On May 27, 2021 the Supreme Court awarded our client more than double the amount ICBC offered for compensation for car accident injuries after a short four day trial. In awarding $90,000 for her pain and suffering the judge took into account the plaintiff’s age; the nature of the injury; the severity and duration of pain; disability; emotional suffering; impairment of life; impairment of family, marital and social relationships; impairment of physical and mental abilities; loss of lifestyle; and the plaintiff’s stoicism (a factor that should not, generally speaking, penalize the plaintiff). ICBC offered less than $40,000 as compensation for her pain and suffering before the trial.

The ICBC lawyer submitted that an award of $50,000 for non-pecuniary damages would be fair and reasonable in this case. However, the judge found an award at the level proposed by ICBC would be too low and would fail to fully take into account the impact of the injuries on the claimants quality of life.

The ICBC claimant sustained soft tissue injuries to her neck, shoulder area, upper and lower back. As of trial, she continued to suffer from the effects of chronic pain syndrome.  Her prognosis for full recovery was poor, and, in order to manage her pain symptoms, she must continue to engage in regular exercise to reduce the risk of deconditioning. On the other hand, the court found that her driving anxiety could  be improved. Therefore, the prognosis here is a more optimistic one. She is now limited in her ability to go for long walks and socializing with friends, as well as cook for her family. In addition, as a result of the effects of her injuries, the claimant is limited in the activities she can do with her granddaughter.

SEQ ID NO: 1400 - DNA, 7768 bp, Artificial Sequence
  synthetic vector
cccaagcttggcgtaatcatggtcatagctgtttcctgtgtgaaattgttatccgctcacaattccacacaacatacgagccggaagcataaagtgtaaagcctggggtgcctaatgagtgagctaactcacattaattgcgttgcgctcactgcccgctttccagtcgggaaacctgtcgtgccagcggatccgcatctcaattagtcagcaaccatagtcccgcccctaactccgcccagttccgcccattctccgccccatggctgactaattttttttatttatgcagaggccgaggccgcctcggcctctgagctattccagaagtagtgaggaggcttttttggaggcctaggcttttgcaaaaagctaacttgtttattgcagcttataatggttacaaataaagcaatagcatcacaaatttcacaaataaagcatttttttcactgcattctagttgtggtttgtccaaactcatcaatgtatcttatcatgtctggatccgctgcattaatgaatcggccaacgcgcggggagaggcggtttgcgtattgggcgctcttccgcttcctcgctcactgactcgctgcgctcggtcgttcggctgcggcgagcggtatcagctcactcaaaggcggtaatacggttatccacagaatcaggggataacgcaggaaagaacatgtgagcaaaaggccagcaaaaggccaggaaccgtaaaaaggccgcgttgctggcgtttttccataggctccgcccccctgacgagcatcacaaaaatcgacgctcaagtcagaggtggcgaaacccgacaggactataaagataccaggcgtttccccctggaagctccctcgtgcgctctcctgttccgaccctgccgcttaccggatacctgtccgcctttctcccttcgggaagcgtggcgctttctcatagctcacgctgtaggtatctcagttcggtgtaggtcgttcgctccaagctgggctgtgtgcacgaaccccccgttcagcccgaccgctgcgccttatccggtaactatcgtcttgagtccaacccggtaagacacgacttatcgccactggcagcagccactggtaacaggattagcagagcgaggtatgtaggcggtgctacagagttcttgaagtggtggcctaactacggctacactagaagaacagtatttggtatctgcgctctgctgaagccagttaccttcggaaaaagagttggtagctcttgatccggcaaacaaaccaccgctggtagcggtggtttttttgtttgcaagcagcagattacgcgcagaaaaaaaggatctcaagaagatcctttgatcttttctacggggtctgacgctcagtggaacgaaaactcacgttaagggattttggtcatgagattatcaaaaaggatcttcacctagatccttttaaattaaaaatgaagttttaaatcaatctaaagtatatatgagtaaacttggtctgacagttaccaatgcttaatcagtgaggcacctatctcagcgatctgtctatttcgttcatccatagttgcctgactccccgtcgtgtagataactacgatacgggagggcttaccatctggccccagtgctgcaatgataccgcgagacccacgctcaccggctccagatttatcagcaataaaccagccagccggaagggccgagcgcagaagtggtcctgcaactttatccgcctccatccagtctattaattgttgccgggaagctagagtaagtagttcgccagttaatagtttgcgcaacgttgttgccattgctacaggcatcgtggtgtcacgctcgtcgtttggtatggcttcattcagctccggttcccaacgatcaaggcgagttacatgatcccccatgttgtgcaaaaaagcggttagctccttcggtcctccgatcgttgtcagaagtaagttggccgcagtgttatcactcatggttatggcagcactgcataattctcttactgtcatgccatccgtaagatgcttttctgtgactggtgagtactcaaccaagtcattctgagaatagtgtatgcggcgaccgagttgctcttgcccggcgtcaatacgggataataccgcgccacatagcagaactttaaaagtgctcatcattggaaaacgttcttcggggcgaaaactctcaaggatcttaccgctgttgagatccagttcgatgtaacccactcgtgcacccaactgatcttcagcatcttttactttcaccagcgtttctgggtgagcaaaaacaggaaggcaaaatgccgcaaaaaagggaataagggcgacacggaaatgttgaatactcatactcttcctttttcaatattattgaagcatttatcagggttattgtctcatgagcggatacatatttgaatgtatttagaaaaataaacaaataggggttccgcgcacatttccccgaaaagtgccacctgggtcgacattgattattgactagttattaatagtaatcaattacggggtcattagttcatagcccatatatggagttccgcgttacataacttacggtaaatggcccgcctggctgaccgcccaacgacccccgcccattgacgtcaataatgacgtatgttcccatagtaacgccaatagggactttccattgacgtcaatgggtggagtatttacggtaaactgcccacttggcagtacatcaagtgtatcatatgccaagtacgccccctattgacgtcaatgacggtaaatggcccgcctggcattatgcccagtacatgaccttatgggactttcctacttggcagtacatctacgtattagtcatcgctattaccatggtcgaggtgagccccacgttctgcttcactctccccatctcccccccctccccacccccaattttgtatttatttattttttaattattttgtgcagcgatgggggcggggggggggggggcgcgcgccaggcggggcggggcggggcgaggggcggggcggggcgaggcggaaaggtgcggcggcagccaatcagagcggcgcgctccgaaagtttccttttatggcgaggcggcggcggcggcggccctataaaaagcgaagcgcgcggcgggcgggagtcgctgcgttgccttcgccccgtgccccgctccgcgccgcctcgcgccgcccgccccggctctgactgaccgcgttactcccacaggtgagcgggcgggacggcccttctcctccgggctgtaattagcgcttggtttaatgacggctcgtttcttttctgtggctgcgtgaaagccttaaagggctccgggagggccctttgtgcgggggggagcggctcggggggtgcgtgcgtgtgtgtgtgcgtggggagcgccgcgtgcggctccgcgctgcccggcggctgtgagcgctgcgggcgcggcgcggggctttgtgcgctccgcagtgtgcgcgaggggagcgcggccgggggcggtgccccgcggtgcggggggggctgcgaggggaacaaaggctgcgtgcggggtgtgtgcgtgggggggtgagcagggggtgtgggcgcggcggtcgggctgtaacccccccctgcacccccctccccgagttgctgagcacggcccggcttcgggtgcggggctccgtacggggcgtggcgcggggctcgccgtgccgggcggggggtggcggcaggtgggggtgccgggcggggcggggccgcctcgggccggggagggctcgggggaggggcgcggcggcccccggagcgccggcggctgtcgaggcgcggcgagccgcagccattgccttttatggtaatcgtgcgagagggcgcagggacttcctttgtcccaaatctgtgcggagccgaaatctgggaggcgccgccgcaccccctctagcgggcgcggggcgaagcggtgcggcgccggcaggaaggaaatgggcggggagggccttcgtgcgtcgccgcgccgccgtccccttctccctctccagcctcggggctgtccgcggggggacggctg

In view of the findings above, and having regard to the Stapley factors (including age and stage of life), the purpose of an award of non-pecuniary damages the judge awarded the ICBC claimant $90,000 for pain and suffering. the Claimant was awarded over $103,000 before costs, beating her pre-trial offer of $100,001.00.

Important news update for injury claimants: Pain and suffering compensation is no longer available for most car accidents after May 1, 2021 and accidents Between April 1, 2019 and May 1, 2021 may be capped at $5,600 under the ICBC Minor Injury Legislation.  Call us for a free consultation to find out about your options.

 

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